the stress of attempting to do the right thing is enough to kill us if the disease or condition doesn’t. I am very curious to know more, as have bone issues as a male. As I understand it, fat soluble vitamins and exercise play a key role in bone health; Vitamin D in particular. I will sign up for the book, and I want another family member to see this. She also refused to take FOSOMAX. I actually got into a heated discussion with an endocrinologist over this issue, and fired her. I am just not going to take that!
    In the meantime, would you kindly point me to the studies about milk and its acidity? Also, you did not mention goat’s milk. What are your thoughts? I have read that it is closer to human milk than cow’s milk. Unfortunately, my entire family drinks pasteurized milk…way too much of it and 90% of it is not organic. Further, I learned that the hormones in BGH milk can feed fibroids in women…the growths absorb the extra estrogen.
    Now, I have to say this. It seems like so many people in your industry have a good message and offer excellent advice, and solutions, but many also sell nutritional supplements or links to a particular supplement company (the written material does not count) which usually has no science behind it, but biased “personal testimony” or outrageous medical claims, which is illegial. Nutrutional supplements can only make basick structure and function claims according to DSHEA. This comes after all the bad or good news and information about a condition or illness. This is beginning to concern me.
    I am not making any accusations Vivian; I am just bringing up a related concern. If I had not seen the link here, I would not have mentioned it. I do aplogize if you or anyone here is offended; I just want what is best for me and people I care about. I am afraid I have now fallen into the science lab. I am not spending another dime putting a pill, powder, juice, etc., into my mouth until whoever is selling it, or recommending it can point me to 3rd party independent science that first, shows it contains what the label says on the bottle or container, and, PROVES the product does what it claims to do; at least on 80% of those who were included in the study. I am also now looking for it when claims and recommendations are made about foods and diets. I suspect I have been deceived by a juice company, though I am not saying it is fraud, but I am investigating to find the facts.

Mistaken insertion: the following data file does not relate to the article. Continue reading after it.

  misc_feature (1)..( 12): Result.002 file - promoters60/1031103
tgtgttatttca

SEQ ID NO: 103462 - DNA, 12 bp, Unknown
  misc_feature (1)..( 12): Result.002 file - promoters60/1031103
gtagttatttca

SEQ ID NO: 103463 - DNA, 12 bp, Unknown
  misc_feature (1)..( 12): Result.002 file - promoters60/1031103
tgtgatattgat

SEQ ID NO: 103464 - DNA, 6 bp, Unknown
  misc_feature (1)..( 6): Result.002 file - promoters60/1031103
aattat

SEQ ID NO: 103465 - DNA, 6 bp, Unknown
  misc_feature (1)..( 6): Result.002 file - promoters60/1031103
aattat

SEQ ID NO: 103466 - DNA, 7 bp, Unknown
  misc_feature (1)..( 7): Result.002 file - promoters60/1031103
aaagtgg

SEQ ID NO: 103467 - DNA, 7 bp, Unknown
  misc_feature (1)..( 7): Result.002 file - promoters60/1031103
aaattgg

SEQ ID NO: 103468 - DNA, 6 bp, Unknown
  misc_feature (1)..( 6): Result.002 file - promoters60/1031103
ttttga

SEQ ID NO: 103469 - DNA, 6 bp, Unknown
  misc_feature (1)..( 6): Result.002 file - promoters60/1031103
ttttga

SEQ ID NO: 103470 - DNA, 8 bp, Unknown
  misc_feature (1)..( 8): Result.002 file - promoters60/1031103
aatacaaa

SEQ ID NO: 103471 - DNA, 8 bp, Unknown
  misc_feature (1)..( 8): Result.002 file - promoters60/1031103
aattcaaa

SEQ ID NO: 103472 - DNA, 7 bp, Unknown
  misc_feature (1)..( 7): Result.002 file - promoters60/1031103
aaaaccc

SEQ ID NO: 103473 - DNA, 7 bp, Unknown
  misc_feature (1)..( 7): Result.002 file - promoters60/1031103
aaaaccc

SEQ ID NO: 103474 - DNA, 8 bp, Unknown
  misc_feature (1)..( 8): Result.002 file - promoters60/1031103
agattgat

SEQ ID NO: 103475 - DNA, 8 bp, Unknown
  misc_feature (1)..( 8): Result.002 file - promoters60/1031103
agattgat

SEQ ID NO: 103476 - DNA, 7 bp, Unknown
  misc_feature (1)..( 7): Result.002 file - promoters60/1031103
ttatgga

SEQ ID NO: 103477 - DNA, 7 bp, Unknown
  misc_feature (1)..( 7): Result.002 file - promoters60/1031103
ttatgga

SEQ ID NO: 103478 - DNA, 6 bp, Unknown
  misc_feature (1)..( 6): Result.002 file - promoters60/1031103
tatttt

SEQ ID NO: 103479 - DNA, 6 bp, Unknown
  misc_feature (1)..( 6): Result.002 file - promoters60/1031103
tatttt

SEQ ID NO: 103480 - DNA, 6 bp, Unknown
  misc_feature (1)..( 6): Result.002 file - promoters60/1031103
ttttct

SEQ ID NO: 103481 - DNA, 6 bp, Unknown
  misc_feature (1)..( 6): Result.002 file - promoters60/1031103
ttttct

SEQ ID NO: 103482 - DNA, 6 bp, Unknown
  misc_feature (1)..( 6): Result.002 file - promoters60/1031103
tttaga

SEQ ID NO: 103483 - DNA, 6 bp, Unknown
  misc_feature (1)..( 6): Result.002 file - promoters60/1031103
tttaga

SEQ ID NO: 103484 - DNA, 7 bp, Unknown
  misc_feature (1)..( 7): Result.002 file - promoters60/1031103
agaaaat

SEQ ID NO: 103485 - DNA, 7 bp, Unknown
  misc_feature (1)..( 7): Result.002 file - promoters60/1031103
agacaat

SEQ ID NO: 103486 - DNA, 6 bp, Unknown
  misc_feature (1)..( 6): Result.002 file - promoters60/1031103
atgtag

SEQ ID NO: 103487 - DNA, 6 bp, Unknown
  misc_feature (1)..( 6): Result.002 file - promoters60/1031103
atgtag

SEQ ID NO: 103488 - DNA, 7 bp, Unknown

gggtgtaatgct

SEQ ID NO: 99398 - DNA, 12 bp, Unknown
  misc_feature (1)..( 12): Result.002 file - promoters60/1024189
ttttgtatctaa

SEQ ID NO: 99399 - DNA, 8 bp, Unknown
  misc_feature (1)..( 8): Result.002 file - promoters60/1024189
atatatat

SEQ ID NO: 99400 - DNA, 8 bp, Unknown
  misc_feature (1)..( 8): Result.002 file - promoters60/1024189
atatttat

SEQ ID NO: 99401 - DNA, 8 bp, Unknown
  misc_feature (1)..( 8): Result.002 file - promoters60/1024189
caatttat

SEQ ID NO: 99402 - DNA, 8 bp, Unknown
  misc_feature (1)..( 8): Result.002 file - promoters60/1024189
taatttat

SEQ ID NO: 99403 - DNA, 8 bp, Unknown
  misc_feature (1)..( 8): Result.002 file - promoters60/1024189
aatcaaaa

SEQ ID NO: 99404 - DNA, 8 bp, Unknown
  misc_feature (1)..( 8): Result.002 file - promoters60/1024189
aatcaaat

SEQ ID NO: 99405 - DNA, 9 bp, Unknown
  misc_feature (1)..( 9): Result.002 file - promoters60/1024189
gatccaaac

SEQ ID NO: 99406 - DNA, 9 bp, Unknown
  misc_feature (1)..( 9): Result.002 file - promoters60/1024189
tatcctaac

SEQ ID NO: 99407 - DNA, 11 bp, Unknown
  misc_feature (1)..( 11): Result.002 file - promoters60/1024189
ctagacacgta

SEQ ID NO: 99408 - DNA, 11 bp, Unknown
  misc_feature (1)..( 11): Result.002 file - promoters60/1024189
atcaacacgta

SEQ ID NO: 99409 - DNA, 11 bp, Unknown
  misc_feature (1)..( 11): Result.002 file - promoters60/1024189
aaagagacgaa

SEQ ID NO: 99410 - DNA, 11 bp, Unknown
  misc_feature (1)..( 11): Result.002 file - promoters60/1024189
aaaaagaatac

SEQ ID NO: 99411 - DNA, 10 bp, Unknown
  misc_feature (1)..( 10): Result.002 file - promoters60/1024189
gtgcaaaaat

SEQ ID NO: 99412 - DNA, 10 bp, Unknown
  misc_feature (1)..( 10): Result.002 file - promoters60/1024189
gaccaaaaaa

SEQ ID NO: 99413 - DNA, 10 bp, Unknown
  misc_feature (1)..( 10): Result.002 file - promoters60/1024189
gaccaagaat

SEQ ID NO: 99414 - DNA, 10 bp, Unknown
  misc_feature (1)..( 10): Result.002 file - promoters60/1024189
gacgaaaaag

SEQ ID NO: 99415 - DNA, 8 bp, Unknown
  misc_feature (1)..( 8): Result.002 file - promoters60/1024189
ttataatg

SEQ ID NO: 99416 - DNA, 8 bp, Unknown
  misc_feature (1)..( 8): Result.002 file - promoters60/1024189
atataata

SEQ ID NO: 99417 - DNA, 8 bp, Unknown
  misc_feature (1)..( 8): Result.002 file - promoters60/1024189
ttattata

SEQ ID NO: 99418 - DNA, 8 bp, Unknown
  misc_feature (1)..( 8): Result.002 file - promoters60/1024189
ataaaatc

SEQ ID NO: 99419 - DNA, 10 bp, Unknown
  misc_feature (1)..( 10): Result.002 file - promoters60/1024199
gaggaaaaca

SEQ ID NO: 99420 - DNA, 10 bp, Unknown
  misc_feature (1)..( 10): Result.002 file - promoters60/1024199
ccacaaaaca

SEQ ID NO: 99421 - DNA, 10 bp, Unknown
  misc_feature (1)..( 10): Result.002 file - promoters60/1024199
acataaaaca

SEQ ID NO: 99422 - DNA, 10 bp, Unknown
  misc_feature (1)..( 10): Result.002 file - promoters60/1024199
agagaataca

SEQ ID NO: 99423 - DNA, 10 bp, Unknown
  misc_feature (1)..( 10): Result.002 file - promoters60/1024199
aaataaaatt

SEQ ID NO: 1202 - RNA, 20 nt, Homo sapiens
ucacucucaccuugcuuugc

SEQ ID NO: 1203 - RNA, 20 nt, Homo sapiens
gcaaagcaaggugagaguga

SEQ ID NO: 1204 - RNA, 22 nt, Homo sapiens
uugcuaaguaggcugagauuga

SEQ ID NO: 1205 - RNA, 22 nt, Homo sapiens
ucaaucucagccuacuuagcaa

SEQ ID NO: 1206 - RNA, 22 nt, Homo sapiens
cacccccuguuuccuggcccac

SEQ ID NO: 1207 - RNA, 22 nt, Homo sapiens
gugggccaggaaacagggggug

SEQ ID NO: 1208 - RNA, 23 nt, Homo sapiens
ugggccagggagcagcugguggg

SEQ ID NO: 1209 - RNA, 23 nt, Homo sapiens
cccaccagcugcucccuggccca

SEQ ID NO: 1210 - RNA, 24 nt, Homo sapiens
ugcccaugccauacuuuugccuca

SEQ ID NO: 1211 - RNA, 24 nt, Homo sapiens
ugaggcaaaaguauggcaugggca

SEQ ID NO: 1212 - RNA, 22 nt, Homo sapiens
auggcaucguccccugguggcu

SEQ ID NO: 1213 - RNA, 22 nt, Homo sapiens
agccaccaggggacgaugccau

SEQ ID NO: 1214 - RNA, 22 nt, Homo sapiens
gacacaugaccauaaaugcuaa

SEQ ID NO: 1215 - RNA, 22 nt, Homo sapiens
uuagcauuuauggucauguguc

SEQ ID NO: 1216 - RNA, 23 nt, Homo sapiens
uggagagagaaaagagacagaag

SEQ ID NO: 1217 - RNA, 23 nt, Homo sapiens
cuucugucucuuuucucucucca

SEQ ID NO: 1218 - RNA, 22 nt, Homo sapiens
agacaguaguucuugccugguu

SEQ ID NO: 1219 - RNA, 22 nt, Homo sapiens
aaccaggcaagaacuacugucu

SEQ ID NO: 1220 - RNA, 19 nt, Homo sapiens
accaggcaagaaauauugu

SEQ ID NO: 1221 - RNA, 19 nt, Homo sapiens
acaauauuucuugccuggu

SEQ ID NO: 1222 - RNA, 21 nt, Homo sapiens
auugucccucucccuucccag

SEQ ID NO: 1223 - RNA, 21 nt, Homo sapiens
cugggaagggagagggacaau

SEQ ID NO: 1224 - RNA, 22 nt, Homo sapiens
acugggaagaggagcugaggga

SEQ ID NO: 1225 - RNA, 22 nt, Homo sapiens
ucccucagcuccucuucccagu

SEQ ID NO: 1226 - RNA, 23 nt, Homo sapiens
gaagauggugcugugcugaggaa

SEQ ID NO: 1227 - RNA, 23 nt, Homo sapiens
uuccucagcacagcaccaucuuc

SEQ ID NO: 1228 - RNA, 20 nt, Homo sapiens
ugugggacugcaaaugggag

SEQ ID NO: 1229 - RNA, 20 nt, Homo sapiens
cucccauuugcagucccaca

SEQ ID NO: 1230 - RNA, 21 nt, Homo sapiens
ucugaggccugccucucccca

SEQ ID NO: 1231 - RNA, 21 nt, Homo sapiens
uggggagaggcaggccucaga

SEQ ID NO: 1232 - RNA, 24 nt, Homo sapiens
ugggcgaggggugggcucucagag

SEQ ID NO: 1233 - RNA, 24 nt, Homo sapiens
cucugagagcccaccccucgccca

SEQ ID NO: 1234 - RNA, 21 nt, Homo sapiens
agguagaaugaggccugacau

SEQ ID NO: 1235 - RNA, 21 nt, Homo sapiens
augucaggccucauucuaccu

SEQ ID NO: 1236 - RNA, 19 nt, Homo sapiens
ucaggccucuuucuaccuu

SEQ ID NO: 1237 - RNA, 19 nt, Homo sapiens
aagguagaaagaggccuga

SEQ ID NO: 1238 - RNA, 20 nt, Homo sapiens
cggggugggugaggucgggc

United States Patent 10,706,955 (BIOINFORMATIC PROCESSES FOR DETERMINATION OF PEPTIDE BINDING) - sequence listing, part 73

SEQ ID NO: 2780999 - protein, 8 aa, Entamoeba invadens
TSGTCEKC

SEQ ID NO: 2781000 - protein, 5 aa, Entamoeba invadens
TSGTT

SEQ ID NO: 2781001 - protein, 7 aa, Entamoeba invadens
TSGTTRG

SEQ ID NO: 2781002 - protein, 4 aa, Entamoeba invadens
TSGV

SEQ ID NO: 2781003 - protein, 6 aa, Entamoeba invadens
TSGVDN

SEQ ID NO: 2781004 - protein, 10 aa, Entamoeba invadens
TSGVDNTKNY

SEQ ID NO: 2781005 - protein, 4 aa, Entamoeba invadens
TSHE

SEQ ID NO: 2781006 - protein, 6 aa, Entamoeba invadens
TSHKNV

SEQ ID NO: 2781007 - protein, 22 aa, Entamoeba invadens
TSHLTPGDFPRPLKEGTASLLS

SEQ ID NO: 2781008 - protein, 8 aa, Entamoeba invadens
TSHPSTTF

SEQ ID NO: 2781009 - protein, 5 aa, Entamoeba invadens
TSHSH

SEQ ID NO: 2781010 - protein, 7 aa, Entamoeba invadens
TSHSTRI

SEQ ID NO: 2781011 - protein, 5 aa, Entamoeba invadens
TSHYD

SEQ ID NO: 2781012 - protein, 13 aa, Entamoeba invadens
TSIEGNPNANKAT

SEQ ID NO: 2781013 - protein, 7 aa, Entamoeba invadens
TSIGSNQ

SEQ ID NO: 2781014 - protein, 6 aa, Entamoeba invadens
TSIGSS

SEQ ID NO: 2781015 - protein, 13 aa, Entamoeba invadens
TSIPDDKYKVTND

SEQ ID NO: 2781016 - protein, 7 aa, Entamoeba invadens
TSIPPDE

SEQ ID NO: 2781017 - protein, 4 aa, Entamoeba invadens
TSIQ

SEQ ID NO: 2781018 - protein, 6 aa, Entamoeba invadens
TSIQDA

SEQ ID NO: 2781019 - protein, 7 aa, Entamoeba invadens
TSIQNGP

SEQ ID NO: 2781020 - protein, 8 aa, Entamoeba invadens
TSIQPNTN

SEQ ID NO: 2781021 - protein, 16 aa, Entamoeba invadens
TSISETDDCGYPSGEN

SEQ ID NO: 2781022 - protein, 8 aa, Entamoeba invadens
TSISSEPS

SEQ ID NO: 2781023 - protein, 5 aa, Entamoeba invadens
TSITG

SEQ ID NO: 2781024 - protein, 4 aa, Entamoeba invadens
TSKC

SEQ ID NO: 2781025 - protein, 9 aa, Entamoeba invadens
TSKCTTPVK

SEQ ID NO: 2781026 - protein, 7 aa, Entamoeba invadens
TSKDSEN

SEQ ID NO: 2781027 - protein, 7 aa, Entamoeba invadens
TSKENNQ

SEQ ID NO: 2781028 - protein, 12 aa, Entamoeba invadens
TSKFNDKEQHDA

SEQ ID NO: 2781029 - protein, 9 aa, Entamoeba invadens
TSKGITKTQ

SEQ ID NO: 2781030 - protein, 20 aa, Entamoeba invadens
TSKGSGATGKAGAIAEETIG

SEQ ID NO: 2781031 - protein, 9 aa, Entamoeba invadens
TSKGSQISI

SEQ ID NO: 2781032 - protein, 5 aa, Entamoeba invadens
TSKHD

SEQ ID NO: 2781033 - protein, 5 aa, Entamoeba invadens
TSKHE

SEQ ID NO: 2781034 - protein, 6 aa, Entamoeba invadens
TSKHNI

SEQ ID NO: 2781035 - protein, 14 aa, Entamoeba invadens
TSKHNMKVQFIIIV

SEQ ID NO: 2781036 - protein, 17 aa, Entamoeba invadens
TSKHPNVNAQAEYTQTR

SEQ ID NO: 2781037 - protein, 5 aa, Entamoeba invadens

Thanks for introducing something that looks promising.

  5. Joan Sandlin February 27, 2010, 1:29 pm

    Good morning–I am 78 years old, very active but I’m boarder line osteoporosis. In doing some research I’ve found a health article on a mineral,strontium, saying that it simulates the formation of bone tissue. It comes with the combination of vitamins and minerals.Its called ultimate bone support by Advanced Bionutritionals. What are your thoughts on this?